29 October 2009

In August 1948 the US Navy's Bureau of Aeronautics sent out a request for proposals (RFP) for a carrier-based long range heavy attack aircraft ("Class VA") as part of Outline Specification 111 (OS-111). The primary mission of the Class VA design was the high altitude delivery of a nuclear weapon no less than 1,700 nm from the carrier which at the time was to be the CVA-58, the USS United States but it was also implied that operation of the design from smaller vessels like the Midway class would also be beneficial. The Navy would get 8 proposals from 7 manufacturers.

Uniquely among the companies that submitted proposals for the Class VA competition, Douglas Aircraft submitted two proposals from two different teams- one from the Santa Monica Division and one from the El Segundo Division. The El Segundo Division's design was designated the Model 593 and rather unusually featured a tail dragger layout for an advanced twin jet design. The rationale for what seemed like an archaic landing gear layout was that on USS United States, the lowered tail meant that the Model 593 could be stowed in the hangar deck without folding the vertical fin. On the Midway class, only a portion of the vertical fin would have to folded instead of the entire fin. The tailwheel layout also offered ease of handing on the carrier elevators as well.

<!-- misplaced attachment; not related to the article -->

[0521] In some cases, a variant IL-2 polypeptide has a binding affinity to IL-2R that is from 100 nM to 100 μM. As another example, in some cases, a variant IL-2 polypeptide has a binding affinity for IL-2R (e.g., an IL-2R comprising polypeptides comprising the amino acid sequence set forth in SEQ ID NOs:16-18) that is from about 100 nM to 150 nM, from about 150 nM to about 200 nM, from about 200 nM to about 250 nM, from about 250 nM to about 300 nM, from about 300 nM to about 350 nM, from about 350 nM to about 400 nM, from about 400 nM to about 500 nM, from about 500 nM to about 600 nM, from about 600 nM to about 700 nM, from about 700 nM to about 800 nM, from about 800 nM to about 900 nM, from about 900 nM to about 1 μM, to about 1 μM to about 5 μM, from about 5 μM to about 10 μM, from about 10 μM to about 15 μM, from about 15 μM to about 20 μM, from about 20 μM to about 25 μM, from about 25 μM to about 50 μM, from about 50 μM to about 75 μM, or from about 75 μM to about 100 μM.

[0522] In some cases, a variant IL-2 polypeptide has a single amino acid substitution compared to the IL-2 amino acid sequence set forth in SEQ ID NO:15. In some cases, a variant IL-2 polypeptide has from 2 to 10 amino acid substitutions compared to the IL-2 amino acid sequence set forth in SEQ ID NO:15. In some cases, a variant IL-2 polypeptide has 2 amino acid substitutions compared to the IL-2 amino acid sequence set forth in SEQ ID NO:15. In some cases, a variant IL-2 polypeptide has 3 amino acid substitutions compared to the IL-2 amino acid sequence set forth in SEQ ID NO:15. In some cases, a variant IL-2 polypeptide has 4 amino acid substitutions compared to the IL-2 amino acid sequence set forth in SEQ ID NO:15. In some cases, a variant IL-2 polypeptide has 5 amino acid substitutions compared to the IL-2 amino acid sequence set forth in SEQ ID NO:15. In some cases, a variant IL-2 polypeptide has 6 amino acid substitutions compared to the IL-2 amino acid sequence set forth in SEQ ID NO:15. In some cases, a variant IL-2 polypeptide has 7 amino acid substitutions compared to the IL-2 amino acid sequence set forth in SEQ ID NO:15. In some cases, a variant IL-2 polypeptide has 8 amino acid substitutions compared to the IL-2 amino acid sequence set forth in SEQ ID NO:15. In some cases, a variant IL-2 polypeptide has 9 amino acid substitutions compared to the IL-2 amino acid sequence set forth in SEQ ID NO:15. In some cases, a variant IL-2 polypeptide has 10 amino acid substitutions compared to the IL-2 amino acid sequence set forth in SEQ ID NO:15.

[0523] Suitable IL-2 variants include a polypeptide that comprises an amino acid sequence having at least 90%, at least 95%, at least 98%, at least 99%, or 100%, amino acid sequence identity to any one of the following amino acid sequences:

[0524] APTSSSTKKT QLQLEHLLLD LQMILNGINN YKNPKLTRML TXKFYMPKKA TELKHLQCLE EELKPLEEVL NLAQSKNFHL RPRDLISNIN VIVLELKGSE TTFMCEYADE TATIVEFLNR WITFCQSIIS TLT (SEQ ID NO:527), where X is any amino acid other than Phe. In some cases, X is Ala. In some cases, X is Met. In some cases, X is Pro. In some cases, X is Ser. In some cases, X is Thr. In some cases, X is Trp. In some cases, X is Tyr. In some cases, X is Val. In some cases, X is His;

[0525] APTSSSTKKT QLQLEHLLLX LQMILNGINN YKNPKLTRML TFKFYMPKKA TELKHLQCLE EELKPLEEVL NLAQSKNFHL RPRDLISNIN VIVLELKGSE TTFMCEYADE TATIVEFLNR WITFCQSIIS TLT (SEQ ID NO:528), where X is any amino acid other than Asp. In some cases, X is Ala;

Throughout the Model 593's design process, emphasis was placed uniquely amongst the Class VA submissions to allow operations from as many types of aircraft carriers as possible from the supercarrier USS United States to the Midway class and even the smaller Essex class carriers. The twin jet design that resulted offered more flexibility and as a smaller design was lower in cost.

In March 1949 the Douglas El Segundo design and the Curtiss-Wright proposal were selected for further development. The following month, however, the USS United States was cancelled and the Navy instructed BuAer to modify the Class VA project for operation from the Midway class. As the Midway class vessels were smaller, this gave the lighter and smaller Douglas El Segundo Model 593 a strong advantage over the Curtiss-Wright design. By July of 1949 the Douglas Model 593 was selected as the winner by which point the design had been refined further and the tail dragger layout replaced with a tricycle undercarriage. The Model 593 would go into production as the A3D Skywarrior, vindicating the El Segundo team's gamble.

Source: Secret Aerospace Projects of the U.S. Navy: The Incredible Attack Aircraft of the USS United States, 1948-1949 by Jared A. Zichek. Schiffer Publishing, 2009, p9-10, 46-56, 207-211.

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